Are there any side effects to using them?

Yup, check out the table for each one’s special situation.  If you have a tender stomach, feel free to just glide on by and know that all of them speed the movement of food through the digestive tract. That increase in speed prevents adequate absorption of nutrients.





GasFrequently occursFrequently occursFrequently occurs
NauseaPossible even in small dosesPossible even in small dosesPossible even in small doses
Blood SugarCan reduce blood sugar levelsNo known effectNo known effect
CholesterolCan reduce if used in large doses 15 grams per dayNo known effectNo known effect
DiarrheaFrequently occurs with doses above 10 grams per dayFrequently occurs with doses above 10 grams per dayCitrucel is methylcellulose
HormonalCan diminish absorption of estrogensNo known effectNo known effect
Medication interactionsCan effect absorption of diabetes drugs, penicillin and Digoxin in doses higher than 10 grams per dayUsed in creation of time released medications.Creates the slip-and-slide needed in KY Jelly and artificial tears.
Food AllergyDepending on how it is grown, highly allergic people can react to the growth medium of xanthan.

Any other things we can use that might be whole foods?

Using the right combination of flours allows for elimination of gums in gluten-free baking. I’ve found that the higher the fiber content of the flour, the less need for gums.  Go here to see which flours have the best fiber content.

When I need to get a recipe to have a longer rise time, hold the air bubbles more effectively, or need a bit of flakiness, I reach for raw buckwheat flour.

Buckwheat Groats

This amazing, triangular, gluten-free grain is my go-to solution for creating the structure in my breads. I am very grateful that Buckwheat is one of the few commercially grown grain crops that doesn’t use pesticides and herbicides.

But it has to be RAW — green groats. Grind them just before you need to bake, for the freshest possible flour. I have a coffee grinder I keep for this purpose.  Believe me the investment is worth it.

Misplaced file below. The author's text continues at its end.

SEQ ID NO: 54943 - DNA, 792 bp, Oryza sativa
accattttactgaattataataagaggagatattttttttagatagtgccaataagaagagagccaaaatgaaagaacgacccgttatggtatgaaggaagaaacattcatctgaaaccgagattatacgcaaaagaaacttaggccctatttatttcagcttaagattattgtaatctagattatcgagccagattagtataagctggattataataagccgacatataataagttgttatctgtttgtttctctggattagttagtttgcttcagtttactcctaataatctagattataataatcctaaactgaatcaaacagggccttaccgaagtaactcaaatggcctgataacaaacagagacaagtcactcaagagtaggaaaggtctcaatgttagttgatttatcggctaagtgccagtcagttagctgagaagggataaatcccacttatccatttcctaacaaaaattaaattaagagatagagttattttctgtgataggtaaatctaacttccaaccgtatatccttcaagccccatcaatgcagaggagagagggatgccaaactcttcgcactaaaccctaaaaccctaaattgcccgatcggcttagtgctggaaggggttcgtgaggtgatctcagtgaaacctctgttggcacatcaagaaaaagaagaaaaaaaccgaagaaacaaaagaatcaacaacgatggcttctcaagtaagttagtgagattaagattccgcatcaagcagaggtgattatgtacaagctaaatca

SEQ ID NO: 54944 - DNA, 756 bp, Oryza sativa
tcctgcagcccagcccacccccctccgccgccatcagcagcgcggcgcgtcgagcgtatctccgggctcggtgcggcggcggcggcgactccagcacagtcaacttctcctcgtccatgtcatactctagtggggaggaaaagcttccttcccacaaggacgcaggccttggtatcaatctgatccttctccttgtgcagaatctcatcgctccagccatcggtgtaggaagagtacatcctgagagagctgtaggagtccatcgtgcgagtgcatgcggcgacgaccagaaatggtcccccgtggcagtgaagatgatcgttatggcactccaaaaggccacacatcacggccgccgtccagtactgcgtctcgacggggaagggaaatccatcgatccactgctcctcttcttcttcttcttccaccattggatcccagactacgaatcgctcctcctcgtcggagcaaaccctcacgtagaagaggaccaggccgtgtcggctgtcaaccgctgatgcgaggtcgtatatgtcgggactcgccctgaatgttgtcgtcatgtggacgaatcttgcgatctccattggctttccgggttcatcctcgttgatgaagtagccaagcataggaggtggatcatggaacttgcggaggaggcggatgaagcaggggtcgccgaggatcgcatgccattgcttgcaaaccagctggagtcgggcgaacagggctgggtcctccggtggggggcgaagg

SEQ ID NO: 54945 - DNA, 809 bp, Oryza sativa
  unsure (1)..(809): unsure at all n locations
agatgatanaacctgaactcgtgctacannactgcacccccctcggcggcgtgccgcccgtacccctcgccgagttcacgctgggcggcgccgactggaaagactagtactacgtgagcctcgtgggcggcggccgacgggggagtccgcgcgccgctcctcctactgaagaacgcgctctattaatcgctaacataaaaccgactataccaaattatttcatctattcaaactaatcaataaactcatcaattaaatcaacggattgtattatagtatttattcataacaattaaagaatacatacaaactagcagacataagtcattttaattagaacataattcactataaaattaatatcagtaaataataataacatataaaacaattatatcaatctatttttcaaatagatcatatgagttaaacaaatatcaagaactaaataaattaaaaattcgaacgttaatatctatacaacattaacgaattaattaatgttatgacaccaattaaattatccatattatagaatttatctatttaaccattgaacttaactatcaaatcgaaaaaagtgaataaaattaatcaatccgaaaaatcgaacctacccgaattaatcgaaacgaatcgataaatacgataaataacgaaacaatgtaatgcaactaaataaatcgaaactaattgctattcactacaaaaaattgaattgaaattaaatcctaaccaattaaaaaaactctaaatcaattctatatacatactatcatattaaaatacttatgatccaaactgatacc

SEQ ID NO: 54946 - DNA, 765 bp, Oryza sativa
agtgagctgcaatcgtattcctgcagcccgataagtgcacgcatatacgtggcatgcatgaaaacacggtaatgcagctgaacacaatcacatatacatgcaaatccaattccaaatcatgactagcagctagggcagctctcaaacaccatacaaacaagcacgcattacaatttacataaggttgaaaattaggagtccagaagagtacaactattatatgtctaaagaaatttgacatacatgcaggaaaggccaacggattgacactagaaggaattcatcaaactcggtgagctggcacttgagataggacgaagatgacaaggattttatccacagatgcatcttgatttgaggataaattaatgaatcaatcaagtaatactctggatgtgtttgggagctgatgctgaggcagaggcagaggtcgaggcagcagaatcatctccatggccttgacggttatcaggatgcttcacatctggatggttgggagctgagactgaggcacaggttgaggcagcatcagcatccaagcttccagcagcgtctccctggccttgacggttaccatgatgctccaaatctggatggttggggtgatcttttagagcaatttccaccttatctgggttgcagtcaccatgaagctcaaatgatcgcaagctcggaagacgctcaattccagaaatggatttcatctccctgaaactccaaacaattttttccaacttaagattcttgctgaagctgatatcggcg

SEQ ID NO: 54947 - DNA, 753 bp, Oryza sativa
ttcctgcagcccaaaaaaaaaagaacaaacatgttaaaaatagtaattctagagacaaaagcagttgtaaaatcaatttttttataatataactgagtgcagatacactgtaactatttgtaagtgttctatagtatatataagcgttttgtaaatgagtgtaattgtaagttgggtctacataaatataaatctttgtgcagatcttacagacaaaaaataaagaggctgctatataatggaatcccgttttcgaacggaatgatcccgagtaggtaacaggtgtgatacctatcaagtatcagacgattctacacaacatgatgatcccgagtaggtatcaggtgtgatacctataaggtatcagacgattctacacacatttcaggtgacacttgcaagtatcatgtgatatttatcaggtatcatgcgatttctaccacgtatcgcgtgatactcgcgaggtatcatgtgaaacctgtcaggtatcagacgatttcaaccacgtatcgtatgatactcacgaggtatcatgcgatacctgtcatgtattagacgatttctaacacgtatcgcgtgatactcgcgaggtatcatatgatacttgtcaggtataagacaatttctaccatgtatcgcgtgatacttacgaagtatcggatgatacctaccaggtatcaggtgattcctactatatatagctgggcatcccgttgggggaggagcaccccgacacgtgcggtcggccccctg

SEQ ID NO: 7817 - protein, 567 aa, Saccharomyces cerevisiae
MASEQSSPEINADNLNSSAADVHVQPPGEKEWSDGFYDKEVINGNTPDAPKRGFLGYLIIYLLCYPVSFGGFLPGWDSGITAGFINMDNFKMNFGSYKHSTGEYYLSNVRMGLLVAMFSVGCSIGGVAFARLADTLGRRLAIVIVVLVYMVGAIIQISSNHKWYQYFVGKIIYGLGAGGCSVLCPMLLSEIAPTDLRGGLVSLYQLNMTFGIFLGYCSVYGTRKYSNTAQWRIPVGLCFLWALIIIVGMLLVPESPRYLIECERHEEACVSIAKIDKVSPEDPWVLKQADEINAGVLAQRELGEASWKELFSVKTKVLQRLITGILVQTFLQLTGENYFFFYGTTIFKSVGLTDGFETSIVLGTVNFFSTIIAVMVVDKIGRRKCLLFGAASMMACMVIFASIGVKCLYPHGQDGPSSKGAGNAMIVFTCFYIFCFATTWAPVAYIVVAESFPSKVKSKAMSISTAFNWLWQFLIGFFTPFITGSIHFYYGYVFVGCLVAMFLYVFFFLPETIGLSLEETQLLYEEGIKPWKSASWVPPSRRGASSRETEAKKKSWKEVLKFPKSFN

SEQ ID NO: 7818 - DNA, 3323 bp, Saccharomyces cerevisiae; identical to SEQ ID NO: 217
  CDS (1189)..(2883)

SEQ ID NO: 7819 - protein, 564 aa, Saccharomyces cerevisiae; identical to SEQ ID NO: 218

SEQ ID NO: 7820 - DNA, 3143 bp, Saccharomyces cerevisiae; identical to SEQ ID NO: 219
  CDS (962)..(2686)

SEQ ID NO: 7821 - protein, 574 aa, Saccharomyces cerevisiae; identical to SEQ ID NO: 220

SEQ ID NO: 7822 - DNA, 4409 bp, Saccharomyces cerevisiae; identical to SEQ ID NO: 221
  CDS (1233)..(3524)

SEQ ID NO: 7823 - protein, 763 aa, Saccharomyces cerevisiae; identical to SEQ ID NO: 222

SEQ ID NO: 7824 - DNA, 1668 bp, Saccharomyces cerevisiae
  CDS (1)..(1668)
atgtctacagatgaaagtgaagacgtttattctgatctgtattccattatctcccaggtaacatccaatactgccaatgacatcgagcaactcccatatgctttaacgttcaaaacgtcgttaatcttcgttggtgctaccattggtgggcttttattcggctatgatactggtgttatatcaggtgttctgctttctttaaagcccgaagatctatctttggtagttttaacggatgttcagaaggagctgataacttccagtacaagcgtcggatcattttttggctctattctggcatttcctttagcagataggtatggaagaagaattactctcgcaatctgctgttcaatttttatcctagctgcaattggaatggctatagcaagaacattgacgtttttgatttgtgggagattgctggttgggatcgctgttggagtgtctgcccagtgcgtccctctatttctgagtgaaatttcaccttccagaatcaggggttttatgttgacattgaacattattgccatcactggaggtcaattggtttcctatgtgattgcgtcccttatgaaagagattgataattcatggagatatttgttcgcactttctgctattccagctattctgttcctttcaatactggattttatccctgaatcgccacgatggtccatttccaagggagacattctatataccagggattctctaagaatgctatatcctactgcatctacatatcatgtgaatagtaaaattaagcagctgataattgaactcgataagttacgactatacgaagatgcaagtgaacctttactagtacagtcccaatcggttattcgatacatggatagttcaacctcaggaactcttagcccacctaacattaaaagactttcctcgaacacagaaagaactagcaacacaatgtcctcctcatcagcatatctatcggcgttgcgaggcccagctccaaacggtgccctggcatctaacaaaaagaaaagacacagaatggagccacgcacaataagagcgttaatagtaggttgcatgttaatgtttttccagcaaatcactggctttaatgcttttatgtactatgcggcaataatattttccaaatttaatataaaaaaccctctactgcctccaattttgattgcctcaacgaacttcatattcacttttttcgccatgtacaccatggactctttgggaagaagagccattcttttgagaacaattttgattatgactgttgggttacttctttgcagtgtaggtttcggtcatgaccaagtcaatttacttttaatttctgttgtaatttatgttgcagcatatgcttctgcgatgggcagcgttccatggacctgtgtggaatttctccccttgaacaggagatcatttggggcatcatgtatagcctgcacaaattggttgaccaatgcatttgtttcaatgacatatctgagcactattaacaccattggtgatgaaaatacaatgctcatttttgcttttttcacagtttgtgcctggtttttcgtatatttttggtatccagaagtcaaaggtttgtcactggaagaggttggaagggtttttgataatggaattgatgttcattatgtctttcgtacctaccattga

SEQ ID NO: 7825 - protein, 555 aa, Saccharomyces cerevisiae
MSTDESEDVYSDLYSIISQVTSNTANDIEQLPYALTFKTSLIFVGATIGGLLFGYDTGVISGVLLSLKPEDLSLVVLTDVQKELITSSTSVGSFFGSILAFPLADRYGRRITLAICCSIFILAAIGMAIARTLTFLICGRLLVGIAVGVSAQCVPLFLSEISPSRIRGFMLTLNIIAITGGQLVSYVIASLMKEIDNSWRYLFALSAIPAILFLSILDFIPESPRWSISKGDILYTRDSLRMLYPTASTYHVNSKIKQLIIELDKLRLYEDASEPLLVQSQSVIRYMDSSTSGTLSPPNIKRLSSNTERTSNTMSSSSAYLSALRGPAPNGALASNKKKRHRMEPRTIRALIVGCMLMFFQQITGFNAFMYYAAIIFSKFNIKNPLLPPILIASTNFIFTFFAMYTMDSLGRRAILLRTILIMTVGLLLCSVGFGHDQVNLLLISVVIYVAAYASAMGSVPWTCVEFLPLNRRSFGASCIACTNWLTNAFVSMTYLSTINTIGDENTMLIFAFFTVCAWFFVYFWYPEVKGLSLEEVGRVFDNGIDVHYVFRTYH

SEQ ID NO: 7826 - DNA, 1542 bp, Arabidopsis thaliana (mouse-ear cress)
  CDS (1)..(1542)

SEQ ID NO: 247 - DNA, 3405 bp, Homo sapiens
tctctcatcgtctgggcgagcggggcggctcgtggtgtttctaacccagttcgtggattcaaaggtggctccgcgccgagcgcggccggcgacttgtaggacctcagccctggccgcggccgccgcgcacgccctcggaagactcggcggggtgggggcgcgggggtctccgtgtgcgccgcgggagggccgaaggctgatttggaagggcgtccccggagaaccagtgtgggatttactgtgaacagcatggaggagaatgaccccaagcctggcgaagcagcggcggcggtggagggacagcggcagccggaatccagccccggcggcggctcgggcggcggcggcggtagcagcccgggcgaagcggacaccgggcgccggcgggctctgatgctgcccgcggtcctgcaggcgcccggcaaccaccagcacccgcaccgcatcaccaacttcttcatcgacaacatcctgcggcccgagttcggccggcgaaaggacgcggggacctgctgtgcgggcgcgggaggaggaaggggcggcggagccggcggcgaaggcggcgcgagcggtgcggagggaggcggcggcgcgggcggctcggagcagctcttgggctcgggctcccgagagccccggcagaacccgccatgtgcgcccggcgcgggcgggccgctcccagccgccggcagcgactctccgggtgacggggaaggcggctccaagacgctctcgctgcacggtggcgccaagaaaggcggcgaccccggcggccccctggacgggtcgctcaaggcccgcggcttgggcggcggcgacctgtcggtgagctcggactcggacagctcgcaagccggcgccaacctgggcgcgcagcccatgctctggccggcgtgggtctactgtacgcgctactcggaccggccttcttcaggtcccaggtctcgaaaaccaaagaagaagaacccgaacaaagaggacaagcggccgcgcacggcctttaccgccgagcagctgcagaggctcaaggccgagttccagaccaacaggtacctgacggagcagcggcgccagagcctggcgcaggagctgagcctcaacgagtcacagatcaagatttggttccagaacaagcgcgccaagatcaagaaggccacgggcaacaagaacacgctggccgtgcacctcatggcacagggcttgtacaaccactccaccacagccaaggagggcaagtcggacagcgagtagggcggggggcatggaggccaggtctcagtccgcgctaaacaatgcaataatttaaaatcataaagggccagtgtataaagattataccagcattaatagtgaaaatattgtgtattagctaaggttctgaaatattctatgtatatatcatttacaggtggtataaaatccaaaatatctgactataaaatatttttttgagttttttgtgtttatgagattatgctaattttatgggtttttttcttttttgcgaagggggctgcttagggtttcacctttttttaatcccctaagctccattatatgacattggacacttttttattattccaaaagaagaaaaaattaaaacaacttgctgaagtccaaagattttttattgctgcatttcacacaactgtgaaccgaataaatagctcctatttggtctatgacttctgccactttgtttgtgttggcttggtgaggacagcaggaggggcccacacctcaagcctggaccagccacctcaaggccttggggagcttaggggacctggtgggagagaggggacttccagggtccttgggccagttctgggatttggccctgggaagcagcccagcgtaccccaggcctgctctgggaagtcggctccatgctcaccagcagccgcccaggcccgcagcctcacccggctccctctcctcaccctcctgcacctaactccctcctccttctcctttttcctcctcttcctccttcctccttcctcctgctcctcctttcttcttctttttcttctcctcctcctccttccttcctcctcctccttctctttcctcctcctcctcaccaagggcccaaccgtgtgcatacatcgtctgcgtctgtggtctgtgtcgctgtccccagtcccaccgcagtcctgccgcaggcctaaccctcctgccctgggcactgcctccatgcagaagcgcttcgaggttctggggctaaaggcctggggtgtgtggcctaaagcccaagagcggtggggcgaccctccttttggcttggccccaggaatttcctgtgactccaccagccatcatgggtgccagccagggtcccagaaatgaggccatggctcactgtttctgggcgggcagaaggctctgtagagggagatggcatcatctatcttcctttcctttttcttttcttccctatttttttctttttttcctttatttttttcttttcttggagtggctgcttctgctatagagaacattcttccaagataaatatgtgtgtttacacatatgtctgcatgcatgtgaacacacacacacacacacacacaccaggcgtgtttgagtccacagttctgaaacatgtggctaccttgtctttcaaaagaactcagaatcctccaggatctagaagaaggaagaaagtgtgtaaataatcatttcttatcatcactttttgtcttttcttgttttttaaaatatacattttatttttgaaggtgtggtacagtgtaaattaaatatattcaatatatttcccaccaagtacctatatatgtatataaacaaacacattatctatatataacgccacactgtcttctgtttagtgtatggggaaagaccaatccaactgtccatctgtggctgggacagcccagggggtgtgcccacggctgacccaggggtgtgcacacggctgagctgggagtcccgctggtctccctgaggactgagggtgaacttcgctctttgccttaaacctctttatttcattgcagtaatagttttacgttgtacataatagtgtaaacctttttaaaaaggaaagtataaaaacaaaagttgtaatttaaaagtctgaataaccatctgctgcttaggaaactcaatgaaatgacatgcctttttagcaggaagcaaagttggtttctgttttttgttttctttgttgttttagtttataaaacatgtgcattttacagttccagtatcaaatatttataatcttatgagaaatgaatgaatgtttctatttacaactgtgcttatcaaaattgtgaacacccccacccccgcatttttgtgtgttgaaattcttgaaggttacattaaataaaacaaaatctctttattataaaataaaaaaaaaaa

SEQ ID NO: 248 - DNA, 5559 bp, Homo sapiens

It doesn’t take much to create the viscosity needed.  Replacing just 20-30 grams (2-3 tablespoons) of raw buckwheat flour in a batch of muffins will allow them to spring up tall and tender in the oven.

If you attempt to substitute roasted buckwheat flour, there will be no structure to your baked good.  Imagine focaccia instead of bread, pancakes instead of cake.  Use the raw groats and grind your own.

Raw Buckwheat Flour

Should We?

There is one caution about using Buckwheat in place of highly processed gums.

About 1% of the world has an IgE reaction to Buckwheat, meaning they are allergic. So before you transition all of your recipes to this, just try one out and watch for any changes.

Here is one of my favorite recipes that shows off this property of raw buckwheat flour. Enjoy!

Making Gluten-Free Pumpkin Pecan Muffins

Gluten-Free Pumpkin Pecan Muffins
Egg-free, can be made vegan. Makes 8 muffins.
Dry Mixture
  • ½ cup raw Buckwheat Flour, freshly ground
  • ½ cup Sorghum Flour
  • ¼ cup Potato Starch (not potato flour)
  • 1 tsp. Baking Powder
  • ¼ tsp.Baking Soda
Other Ingredients
  • 1 cup Pumpkin Puree (fresh or canned)
  • ⅓ cup Honey
  • 3 Tbs. melted Butter or Oil
  • 1 tsp. Vanilla Extract
  • 1 tsp. Pumpkin Pie Spice
  • ½ cup Pecans, chopped
  • ½ cup Milk (cow, soy, rice, or hemp)